Robert B. Cialdini, PhD
This popular, revised edition uses narratives to explore the psychology of persuasion and how it underscores the ability to influence.
This gripping film of a nearly doomed Apollo space mission ranks #1 on Dr. Fritsch's list. There are countless examples of outstanding crisis and cross-organizational leadership among the astronauts, mission control and the various departments who worked tirelessly to bring the crippled Apollo spacecraft safely home.
This is a true story of a MLB general manager who has to build a winning team with flagging resources. Adopting an economic theory to maximize the talent he can afford, he is able to lead his team into the playoffs. This film depicts perfectly how leaders must recognize that organizations must change to be successful. "Adapt or die" is Dr. Fritsch's favorite line in the movie.
This feel good movie makes even the most cynical tear up. It is one of the most compelling true stories of female leadership. Facing financial ruin and male chauvinism, Ms. Penny Chenery never relinquishes her belief that Secretariat would be one of the greatest race horses of all time.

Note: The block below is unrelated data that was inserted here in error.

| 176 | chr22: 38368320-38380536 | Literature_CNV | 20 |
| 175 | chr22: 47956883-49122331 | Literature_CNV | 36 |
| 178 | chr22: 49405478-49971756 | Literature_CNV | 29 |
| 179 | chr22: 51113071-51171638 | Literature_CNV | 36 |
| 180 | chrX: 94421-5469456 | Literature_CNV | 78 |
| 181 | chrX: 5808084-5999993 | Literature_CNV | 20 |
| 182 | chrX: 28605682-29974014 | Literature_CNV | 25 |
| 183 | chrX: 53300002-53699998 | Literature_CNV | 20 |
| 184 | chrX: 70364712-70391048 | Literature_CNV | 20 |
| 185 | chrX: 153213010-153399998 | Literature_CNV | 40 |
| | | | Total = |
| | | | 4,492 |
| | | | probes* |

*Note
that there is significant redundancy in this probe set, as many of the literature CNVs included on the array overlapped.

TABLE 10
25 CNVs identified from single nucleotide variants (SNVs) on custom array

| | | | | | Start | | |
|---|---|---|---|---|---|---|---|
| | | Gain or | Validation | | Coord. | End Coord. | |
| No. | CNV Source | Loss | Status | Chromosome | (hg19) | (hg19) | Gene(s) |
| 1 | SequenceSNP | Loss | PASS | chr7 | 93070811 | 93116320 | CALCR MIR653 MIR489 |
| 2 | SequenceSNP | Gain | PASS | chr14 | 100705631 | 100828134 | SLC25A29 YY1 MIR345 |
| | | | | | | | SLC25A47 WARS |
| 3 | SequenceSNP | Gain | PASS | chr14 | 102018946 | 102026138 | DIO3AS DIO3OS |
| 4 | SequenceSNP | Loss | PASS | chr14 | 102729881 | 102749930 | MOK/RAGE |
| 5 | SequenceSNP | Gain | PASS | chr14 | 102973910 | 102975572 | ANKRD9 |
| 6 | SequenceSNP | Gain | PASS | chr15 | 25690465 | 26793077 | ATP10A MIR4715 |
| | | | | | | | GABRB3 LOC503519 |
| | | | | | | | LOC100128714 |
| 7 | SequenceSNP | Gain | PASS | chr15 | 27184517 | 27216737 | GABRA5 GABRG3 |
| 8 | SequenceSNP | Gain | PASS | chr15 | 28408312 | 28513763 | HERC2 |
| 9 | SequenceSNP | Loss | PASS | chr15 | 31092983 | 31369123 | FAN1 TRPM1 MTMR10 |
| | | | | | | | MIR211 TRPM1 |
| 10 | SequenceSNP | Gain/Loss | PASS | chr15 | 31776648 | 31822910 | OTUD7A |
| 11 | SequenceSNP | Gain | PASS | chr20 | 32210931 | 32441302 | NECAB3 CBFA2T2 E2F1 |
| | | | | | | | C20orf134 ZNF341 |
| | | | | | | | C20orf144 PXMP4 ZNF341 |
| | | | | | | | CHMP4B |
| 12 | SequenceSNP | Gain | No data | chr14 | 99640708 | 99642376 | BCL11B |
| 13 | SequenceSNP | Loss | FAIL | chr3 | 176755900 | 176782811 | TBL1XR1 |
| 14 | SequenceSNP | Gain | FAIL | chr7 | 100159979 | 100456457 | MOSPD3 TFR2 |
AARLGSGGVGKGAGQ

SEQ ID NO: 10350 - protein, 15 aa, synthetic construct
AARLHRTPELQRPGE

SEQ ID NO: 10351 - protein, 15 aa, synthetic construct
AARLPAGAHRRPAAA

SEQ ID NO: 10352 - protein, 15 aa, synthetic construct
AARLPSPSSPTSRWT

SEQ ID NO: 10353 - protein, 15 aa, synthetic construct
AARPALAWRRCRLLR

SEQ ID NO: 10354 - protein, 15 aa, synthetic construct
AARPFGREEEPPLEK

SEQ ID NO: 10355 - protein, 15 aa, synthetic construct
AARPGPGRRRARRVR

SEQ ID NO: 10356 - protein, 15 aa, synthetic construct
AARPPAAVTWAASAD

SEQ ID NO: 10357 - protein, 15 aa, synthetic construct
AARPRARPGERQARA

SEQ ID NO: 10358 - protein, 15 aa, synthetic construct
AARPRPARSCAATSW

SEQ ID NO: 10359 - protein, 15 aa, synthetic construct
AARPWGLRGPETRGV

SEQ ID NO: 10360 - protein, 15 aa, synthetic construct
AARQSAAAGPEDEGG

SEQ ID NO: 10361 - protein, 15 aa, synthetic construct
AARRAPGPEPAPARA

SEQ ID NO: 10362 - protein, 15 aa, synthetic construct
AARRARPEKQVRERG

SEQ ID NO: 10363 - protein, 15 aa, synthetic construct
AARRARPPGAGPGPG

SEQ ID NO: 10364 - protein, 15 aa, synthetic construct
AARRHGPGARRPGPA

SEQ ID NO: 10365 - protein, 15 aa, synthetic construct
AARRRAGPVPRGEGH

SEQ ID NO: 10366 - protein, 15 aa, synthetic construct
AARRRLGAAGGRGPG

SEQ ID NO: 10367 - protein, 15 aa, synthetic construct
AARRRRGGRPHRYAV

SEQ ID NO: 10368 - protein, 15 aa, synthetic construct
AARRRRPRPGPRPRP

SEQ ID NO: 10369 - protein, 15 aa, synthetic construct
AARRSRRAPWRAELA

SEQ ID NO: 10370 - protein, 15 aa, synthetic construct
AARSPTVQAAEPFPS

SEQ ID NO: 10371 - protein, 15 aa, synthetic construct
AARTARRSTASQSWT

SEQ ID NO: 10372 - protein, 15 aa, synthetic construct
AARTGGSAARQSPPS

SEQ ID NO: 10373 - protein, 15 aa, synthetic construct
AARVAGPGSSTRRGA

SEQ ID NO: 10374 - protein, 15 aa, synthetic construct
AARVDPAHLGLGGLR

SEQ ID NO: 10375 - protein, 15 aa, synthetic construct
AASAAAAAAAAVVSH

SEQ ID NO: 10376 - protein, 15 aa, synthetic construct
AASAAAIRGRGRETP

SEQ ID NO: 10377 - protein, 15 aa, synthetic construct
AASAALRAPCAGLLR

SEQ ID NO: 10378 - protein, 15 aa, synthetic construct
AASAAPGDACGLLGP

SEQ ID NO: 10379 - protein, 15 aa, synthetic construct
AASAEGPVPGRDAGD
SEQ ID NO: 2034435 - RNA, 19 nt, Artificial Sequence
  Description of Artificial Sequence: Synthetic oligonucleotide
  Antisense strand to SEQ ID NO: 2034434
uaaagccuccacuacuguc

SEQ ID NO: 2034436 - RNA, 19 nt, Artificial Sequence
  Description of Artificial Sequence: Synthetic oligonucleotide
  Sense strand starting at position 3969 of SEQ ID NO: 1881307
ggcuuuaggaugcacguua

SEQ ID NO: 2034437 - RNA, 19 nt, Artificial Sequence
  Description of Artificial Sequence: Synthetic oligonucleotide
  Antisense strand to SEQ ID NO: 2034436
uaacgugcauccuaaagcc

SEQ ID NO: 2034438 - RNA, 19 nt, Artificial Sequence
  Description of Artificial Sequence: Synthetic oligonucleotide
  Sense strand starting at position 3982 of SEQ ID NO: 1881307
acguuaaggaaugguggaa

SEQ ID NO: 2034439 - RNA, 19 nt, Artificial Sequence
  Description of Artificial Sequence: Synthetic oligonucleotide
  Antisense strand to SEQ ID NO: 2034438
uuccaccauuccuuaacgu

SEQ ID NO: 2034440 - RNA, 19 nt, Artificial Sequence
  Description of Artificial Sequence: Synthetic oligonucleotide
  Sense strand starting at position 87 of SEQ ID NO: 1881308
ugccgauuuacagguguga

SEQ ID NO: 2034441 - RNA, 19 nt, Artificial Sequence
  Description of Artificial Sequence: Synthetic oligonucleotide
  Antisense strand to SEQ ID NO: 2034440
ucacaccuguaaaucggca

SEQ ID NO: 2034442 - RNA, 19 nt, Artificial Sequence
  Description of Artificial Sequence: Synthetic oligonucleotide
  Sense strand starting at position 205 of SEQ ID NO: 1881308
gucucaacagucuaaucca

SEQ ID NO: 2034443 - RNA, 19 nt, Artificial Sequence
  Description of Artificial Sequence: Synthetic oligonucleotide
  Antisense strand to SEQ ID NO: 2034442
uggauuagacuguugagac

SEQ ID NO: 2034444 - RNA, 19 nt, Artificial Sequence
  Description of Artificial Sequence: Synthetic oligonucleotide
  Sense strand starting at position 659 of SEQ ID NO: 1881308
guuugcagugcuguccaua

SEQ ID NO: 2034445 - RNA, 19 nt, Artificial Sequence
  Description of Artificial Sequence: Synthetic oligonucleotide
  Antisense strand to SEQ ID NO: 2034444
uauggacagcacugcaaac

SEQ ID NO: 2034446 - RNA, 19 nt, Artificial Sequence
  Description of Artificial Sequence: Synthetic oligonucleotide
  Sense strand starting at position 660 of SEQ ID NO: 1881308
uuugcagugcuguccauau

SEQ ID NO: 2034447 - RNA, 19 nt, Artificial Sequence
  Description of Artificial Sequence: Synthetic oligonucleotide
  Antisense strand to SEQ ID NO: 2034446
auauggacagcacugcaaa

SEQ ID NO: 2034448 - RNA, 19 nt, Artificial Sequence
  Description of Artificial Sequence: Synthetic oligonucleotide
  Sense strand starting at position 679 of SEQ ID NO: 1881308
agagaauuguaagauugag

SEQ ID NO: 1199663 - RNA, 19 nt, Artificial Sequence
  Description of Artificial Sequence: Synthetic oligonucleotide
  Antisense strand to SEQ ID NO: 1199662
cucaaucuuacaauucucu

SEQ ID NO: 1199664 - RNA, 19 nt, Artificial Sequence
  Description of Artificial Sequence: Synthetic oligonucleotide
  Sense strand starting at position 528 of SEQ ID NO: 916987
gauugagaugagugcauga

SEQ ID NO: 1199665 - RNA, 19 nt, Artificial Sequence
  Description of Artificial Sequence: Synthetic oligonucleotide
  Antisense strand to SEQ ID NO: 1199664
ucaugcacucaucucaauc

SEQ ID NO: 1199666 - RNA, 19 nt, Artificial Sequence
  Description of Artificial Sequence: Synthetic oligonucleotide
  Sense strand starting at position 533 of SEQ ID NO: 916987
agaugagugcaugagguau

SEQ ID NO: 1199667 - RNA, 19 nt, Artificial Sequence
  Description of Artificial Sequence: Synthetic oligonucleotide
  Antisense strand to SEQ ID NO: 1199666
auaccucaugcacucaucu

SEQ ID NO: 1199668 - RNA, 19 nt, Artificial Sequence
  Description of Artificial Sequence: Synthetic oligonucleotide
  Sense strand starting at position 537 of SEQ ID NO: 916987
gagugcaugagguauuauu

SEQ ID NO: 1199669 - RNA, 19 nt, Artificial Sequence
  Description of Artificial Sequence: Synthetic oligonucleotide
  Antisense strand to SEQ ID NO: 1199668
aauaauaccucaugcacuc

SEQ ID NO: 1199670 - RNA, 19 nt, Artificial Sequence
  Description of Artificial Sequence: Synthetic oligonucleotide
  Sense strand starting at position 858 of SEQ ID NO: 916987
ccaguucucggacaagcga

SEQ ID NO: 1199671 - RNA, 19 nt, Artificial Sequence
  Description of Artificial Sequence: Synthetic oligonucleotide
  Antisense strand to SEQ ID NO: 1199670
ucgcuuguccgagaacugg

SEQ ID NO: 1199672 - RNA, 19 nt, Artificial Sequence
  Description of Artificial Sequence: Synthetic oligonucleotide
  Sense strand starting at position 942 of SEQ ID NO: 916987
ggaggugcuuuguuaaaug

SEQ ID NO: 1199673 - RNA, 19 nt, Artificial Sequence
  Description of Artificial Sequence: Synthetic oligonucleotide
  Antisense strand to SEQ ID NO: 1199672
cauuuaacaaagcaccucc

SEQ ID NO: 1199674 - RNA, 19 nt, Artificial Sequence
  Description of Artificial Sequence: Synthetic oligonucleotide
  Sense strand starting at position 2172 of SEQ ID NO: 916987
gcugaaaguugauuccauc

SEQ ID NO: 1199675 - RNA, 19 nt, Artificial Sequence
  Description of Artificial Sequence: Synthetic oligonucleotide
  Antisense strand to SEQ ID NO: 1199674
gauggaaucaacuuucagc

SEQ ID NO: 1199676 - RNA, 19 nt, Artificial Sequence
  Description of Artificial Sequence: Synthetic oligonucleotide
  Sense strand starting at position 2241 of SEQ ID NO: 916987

After the closing arguments in a murder trial, the 12 members of the jury must decide on a guilty/not guilty verdict. In opposition to the others, one juror questions the evidence presented. He demonstrates courageous leadership in his ability to stand alone and commit to what is right.
If you think Disney only releases children stories, think again. While this is a surprising choice, it is notable in terms of cross-cultural leadership. A Caucasian, high school cross-country coach leads his team of Hispanic youths to win California's first cross-country championship. The coach learned and adopted his runners' values and lifestyles, which created a strong, trusting bond. The film highlights key components of leadership - respect, compassion, and learning.